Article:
HC Deb 28 June 1988 vol 136 cc177-9
1. Mr. Fatchett

To ask the Secretary of State for Defence when the North Atlantic Treaty Organisation last reviewed the relationship within its overall strategy between conventional and nuclear weapons; and what role Her Majesty's Government played in that process.

3. Mr. Heffer

To ask the Secretary of State for Defence when the North Atlantic Treaty Organisation last reviewed the relationship within its overall strategy between conventional and nuclear weapons; and what role Her Majesty's Government played in that process.

The Secretary of State for Defence (Mr. George Younger)

NATO and its member nations keep all aspects of Alliance strategy under constant review, in order to ensure that it remains effective. As Defence Ministers reaffirmed at the meeting of the Defence Planning Committee last month, the strategy of flexible response and forward defence, based on an appropriate mix of adequate and effective nuclear and conventional forces, remains vital to our security.

Mr. Fatchett

Does the Secretary of State accept that the mix to which he referred is increasingly veering towards the nuclear and that that imposes particular constraints on conventional weapons and on expenditure on conventional weapons? Does he further accept that, because of those constraints, the British Army has been unable to place orders for the new generation of tanks and that that is typical of the problems facing the armed forces? When will that order be placed, and how much of it will come to the Vickers factory in Leeds?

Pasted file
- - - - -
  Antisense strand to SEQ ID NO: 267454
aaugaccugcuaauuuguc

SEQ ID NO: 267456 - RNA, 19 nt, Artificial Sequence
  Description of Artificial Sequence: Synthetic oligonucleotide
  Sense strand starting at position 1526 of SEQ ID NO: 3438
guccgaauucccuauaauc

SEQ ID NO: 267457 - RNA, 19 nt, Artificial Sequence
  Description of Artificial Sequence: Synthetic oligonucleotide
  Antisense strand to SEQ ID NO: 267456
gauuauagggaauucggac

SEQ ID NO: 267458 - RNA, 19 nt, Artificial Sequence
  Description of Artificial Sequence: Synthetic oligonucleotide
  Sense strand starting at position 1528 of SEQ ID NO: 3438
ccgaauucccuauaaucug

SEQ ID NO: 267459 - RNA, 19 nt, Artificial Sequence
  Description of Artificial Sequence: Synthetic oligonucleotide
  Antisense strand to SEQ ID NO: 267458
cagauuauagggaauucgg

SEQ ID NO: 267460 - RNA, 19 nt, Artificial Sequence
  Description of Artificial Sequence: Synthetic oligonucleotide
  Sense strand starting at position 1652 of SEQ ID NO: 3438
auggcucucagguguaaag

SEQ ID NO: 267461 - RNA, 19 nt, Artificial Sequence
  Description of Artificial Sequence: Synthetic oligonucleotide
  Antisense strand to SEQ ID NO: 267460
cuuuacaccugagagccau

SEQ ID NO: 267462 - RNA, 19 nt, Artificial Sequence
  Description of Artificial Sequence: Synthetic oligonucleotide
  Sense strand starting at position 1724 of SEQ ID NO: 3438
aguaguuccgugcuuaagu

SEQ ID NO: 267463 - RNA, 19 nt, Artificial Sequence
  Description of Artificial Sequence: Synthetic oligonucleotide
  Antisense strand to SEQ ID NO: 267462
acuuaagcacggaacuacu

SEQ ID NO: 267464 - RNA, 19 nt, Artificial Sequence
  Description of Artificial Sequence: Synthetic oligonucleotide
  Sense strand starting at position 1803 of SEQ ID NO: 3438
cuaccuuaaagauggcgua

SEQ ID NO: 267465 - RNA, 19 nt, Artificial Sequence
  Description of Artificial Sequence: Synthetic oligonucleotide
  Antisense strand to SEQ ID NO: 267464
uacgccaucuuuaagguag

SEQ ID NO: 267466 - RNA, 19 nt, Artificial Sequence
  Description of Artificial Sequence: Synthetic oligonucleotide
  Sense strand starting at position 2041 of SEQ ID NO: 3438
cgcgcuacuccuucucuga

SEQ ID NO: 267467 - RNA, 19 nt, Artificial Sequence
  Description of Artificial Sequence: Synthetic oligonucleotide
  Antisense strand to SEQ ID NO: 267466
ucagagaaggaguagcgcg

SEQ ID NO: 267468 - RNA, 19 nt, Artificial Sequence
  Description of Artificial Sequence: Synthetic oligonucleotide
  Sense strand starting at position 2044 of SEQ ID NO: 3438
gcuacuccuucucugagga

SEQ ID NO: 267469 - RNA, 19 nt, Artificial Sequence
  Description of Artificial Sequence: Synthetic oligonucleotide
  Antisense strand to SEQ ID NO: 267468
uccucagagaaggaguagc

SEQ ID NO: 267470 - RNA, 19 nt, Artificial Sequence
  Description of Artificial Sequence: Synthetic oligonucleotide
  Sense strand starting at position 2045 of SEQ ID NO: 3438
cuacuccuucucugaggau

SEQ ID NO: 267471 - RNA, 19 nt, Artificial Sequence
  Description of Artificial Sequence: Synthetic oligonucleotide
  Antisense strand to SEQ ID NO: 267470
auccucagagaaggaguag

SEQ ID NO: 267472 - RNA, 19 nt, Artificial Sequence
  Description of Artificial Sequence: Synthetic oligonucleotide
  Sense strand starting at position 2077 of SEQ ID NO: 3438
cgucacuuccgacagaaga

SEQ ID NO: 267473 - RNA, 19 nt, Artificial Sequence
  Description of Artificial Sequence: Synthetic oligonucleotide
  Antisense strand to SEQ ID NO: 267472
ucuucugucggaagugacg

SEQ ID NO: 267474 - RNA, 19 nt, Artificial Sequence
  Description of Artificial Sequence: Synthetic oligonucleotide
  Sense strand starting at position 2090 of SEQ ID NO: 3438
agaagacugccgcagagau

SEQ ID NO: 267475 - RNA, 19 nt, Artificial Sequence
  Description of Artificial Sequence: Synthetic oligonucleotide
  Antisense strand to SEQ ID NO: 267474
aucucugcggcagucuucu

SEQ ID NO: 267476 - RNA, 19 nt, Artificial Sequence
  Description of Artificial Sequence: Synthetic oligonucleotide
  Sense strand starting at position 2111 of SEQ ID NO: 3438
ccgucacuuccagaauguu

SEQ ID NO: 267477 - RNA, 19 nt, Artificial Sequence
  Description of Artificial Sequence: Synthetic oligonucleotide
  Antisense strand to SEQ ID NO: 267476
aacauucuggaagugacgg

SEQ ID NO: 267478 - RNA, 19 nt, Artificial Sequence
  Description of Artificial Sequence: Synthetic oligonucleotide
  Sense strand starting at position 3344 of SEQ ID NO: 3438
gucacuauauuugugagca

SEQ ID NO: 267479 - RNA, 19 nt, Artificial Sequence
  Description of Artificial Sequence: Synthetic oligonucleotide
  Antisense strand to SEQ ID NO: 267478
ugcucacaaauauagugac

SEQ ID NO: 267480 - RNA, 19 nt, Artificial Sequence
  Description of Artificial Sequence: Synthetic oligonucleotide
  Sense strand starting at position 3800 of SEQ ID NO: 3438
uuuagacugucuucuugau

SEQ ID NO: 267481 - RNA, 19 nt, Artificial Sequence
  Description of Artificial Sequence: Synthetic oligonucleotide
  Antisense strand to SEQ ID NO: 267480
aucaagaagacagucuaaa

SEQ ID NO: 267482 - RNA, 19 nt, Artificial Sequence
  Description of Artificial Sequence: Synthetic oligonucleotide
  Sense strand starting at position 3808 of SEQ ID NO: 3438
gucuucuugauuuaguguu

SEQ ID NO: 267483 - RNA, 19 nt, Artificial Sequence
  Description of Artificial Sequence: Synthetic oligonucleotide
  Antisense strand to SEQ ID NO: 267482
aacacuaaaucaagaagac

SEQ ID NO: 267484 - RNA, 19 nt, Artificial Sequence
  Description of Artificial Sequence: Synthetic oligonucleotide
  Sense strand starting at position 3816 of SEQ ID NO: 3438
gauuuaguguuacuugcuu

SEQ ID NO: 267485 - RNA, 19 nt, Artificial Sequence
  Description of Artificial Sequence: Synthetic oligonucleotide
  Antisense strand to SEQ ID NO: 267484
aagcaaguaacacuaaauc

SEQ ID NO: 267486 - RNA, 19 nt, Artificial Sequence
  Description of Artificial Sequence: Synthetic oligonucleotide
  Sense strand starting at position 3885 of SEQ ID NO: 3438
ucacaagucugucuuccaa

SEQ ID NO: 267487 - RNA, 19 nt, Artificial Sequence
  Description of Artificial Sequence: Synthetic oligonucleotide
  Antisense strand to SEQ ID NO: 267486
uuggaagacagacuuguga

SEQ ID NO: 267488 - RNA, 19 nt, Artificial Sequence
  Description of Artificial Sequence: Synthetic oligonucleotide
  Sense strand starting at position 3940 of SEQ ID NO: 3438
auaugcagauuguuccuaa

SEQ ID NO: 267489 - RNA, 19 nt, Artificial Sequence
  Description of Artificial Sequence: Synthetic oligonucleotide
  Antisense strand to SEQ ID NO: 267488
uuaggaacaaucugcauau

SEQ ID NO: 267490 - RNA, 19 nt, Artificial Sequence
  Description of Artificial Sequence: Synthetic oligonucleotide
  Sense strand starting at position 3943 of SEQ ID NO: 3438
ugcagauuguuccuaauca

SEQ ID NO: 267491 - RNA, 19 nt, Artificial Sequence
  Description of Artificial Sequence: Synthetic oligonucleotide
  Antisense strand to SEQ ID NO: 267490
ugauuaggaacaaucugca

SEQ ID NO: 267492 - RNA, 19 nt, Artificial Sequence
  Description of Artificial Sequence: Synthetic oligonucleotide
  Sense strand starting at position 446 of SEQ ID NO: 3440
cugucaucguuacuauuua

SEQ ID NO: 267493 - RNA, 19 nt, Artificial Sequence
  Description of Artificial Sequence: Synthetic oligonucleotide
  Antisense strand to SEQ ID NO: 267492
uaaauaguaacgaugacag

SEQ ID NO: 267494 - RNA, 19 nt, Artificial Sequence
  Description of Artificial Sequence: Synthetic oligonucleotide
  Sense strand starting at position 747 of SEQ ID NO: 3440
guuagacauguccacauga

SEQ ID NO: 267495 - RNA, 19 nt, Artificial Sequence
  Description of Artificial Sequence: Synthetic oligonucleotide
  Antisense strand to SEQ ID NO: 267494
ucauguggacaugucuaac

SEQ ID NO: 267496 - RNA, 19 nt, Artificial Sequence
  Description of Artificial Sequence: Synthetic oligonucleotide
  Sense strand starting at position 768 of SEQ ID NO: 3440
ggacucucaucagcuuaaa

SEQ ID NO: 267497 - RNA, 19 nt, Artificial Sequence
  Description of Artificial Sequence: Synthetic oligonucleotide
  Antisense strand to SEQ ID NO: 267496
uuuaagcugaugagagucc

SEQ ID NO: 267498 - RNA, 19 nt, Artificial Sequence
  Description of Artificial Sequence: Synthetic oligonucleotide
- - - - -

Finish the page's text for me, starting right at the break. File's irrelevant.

Mr. Younger

I am afraid that I cannot agree with either of the hon. Gentleman's points. On the first point, of a much larger defence budget, no less than 95 per cent. is spent on conventional, not nuclear, armaments. That disposes effectively of the hon. Gentleman's first point.

Secondly, as he will be aware, a number of new regiments of Challenger tanks are now in production, and we ordered a seventh regiment last year. Decisions will have to be taken about further replacements, and I hope that that will be done before the end of the year.

Mr. Heffer

Are not the Government speaking—as the Indians in the old Westerns used to say—with forked voice?—[HoN. MEMBERS: "Tongue."] Forked voice or forked tongue, it is the same thing. On the one hand the Government say that they welcome the initiatives of the Soviet Union, and on the other they introduce proposals that reinforce the concept of nuclear weapons. Is it not time that they accepted the initiative of the Soviet Union and got down to believing the words of Mr. Gorbachev rather than suggesting that he speaks with a forked tongue? Is it not time that they did something positive for once about getting rid of nuclear weapons, rather than using conventional weapons to reintroduce them, which is what they are doing at the moment?

Mr. Younger

I hope the hon. Gentleman will not mind if I suggest that he must be thinking with a forked mind. It was not in any sense Mr. Gorbachev's initiative that led to the INF treaty. It was an initiative taken by the Western Alliance in 1981 which, after a few years of prevarication, was eventually agreed to by the Soviet Union. The thing that really brought the Russians to the negotiating table was the knowledge that we were prepared to defend ourselves.

Sir Antony Buck

Does my right hon. Friend agree that if we were to obey Opposition Members' theories there would be an extraction of our independent nuclear deterrent, and if we were to extract our nuclear input from the negotiations independently it would be grossly destablising and would upset the whole process of negotiation?